Inflation Slows to 4%, Lowest Level in Two Years

Consumer price growth in the United States decelerated last month, with a mere 0.1% increase from April to May, continuing the steady deflation trend observed over the past year. However, certain indicators of intrinsic price pressures remained elevated.

Assessed year over year, the inflation rate decreased to a mere 4% in May — the most modest 12-month figure in over two years, significantly below April’s 4.9% annual increase. The deceleration was attributed to falling fuel costs, moderated surges in food prices, and other items.

The overall decrease in inflation may not convince the Federal Reserve’s decision-makers that they are nearing their goal of mitigating the soaring inflation that has affected the country for two years. The Fed typically places greater emphasis on “core” prices, which exclude fluctuating food and energy expenses and usually offer a more accurate representation of inflation.

Core prices, however, remained high in May, increasing 0.4% from April, marking the sixth consecutive month of increases at that level or above. When compared to the previous year, core inflation dipped to 5.3% from 5.5%, still significantly above the Fed’s 2% target.

The inflation data on Tuesday comes as Fed officials commence an important two-day session, after which they are anticipated to maintain interest rates after ten consecutive rate hikes since March 2022.

On Wednesday, the central bank is expected to declare that it will forgo a rate hike this time, but may indicate that it will recommence rate increases as early as July. Senior Fed officials have hinted at favoring a so-called “skip” to allow time to analyze the effects of their rate hikes on inflation and the broader economy.

The persistence of core inflation represents a primary challenge for the Fed: The economy has continually defied long-standing recession predictions for over a year. Instead, firms continue to recruit at a robust pace, average wages are rising, and employees are spending their increased income freely.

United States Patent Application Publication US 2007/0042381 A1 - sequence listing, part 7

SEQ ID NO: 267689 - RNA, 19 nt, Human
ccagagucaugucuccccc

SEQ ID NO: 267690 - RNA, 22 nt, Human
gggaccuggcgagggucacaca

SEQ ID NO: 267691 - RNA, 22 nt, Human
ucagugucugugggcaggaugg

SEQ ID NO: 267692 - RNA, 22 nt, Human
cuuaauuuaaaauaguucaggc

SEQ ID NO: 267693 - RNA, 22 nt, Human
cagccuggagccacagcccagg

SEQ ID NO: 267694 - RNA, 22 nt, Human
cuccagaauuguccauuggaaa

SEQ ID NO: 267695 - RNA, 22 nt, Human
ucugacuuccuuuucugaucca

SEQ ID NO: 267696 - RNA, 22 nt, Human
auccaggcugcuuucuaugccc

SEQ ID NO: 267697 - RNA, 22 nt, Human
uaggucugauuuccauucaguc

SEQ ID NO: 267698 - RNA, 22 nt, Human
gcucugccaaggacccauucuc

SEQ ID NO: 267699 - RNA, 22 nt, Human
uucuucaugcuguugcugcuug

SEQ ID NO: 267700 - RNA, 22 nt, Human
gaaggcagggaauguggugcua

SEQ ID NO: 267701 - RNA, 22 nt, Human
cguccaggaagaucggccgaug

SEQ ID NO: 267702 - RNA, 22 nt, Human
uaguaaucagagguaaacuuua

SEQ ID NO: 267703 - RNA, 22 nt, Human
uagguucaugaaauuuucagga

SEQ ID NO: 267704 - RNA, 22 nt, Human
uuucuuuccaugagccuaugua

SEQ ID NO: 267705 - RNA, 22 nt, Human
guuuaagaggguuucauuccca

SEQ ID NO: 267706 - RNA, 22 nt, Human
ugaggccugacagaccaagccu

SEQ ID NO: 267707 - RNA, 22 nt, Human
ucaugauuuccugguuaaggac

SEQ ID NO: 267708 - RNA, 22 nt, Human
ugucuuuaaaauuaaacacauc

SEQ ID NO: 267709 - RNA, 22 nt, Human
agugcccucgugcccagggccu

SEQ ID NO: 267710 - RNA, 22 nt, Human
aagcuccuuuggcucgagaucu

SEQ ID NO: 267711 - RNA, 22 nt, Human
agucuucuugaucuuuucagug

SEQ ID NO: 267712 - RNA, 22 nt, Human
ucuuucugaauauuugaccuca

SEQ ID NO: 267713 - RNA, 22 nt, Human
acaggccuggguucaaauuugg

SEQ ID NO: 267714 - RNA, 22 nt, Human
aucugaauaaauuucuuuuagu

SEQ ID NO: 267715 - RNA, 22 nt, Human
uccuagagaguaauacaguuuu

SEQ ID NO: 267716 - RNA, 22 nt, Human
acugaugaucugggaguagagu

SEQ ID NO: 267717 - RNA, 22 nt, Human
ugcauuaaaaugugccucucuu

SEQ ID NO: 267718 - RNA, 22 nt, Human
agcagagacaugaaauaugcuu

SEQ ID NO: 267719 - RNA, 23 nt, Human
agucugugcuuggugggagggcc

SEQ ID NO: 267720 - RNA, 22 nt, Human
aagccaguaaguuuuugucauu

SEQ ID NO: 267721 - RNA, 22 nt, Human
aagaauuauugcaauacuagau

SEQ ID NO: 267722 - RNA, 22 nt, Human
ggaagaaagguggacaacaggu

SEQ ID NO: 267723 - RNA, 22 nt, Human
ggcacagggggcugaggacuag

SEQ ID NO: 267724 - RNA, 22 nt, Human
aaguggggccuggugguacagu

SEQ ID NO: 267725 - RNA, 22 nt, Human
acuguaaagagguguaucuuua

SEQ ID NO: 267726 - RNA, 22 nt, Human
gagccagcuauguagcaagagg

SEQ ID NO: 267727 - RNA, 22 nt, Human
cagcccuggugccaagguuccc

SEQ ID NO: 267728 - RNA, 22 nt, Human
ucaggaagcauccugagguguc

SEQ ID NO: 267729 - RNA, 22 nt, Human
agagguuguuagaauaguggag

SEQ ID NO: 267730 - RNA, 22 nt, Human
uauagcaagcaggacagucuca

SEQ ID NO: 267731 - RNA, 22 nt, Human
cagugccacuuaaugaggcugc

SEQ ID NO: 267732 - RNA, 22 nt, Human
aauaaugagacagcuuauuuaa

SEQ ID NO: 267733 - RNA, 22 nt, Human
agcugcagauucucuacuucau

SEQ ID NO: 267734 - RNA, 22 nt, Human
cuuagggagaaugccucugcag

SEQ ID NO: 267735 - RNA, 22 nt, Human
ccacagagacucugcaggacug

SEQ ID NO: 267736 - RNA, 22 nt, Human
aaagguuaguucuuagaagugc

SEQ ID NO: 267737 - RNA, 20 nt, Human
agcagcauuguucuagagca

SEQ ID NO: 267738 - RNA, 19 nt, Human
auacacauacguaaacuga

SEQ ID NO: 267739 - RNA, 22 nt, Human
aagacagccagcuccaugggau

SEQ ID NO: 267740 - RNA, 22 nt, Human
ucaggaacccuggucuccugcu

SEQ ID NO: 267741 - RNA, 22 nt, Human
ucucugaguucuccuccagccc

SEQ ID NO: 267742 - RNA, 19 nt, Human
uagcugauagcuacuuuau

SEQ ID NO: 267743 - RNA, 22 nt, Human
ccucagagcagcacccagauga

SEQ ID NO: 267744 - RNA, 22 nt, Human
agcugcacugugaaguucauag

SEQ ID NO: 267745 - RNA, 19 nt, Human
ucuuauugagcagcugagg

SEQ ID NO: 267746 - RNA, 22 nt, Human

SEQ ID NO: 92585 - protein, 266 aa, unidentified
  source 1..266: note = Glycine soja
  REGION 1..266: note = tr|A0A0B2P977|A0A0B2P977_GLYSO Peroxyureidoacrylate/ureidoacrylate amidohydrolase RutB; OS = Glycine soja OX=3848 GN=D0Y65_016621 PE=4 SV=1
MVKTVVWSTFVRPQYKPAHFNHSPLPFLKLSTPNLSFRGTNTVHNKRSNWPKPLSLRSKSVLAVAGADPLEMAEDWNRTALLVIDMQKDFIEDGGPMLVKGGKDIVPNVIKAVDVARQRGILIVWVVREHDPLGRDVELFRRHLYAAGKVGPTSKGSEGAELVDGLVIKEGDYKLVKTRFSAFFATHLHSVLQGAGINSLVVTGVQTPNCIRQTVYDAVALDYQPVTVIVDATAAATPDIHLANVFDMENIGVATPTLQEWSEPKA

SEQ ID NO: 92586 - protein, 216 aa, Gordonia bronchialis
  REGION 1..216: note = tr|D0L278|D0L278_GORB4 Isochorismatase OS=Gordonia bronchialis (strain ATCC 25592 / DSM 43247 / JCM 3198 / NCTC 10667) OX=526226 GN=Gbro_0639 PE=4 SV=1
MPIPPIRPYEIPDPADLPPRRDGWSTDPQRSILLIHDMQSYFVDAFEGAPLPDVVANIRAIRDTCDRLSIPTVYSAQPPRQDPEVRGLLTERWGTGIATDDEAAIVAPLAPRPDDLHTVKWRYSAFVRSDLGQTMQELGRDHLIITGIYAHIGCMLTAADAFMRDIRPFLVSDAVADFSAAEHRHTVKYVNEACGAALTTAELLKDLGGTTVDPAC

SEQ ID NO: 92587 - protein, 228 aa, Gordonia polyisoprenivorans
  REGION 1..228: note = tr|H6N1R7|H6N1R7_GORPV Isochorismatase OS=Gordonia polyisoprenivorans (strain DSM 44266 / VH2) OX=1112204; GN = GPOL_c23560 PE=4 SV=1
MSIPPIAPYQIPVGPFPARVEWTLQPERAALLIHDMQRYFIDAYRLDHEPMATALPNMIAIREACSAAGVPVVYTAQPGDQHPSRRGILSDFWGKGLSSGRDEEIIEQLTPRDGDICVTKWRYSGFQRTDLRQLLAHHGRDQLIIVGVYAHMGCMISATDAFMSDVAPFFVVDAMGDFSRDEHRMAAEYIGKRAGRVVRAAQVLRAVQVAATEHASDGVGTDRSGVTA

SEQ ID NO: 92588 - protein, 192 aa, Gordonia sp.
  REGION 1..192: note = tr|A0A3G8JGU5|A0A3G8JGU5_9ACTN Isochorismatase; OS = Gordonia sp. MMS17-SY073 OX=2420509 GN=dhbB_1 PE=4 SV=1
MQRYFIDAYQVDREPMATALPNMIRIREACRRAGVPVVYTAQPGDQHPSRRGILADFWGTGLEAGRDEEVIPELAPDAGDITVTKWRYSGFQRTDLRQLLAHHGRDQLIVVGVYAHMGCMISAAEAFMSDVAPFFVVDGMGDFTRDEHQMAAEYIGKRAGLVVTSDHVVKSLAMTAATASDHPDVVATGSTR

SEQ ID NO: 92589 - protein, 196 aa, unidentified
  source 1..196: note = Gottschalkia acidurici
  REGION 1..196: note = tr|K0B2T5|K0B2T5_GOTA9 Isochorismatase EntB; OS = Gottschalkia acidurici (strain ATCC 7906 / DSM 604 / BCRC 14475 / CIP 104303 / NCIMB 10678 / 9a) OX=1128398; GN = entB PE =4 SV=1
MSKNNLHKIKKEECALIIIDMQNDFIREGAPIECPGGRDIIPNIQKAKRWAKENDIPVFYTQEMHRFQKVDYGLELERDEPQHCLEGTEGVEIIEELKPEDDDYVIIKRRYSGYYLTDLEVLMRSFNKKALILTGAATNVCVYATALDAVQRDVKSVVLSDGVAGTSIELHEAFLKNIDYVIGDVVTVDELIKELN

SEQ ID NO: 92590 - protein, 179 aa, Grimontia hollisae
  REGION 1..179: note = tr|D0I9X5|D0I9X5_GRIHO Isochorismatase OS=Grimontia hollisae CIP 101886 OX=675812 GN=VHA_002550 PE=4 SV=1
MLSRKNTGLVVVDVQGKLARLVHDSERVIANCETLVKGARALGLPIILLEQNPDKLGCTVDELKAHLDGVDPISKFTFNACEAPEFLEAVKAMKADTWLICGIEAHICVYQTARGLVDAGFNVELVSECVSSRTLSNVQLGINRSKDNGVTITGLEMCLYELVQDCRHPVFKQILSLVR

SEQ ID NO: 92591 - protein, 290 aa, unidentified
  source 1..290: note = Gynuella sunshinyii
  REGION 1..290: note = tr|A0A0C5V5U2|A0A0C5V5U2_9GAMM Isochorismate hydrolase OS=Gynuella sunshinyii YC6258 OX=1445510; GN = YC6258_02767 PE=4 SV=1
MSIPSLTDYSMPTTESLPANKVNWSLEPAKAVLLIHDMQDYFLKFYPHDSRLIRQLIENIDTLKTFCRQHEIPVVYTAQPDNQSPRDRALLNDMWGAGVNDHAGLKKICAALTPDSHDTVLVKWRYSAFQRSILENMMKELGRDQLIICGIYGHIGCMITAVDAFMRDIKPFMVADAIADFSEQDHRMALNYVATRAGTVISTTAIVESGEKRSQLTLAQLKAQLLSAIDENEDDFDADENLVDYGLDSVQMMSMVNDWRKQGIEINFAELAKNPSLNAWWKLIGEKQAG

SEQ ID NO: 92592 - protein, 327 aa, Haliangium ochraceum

Senior Fed officials have indicated their inclination toward a so-called “skip” as they wish to evaluate the impacts of their rapid rate hikes on inflation and the wider economy. Over the past 15 months, the Fed has increased its benchmark rate by a substantial 5 percentage points — the most rapid rate of increases in forty years.

These hikes have led to significantly increased costs for mortgages, auto loans, credit cards, and business borrowing. The Fed’s intention is to curb borrowing and spending, cool down the economy, and manage inflation without precipitating a severe recession – a notoriously complex balancing act.

Some indications suggest that the Fed’s efforts are yielding the desired outcomes. Inflation is projected to decline substantially in the June figures to be reported next month. Some economists estimate that annual price growth could decrease as low as 3.2%, a stark contrast from the peak inflation of 9.1% in June 2022, the highest in four decades.

Any significant drops in inflation during May and June would partly reflect the high price increases during those months last year. As these months drop out of the year-over-year inflation calculations, they are replaced by smaller monthly gains, causing a sharp reduction in annual inflation measures.

However, core prices are predicted to remain high in May, pushed up by another surge in used car prices and consistent rental cost increases. Used car prices soared 4.4% just from March to April, and economists expect another increase, albeit smaller, from April to May.

Alan Detmeister, an economist at UBS, estimates that increased rent and used car prices will contribute to about three-quarters of the May increase in core inflation. However, he expects both items to likely decrease in the upcoming months, as wholesale prices of used cars have started to decline, and apartment vacancy rates are increasing, leading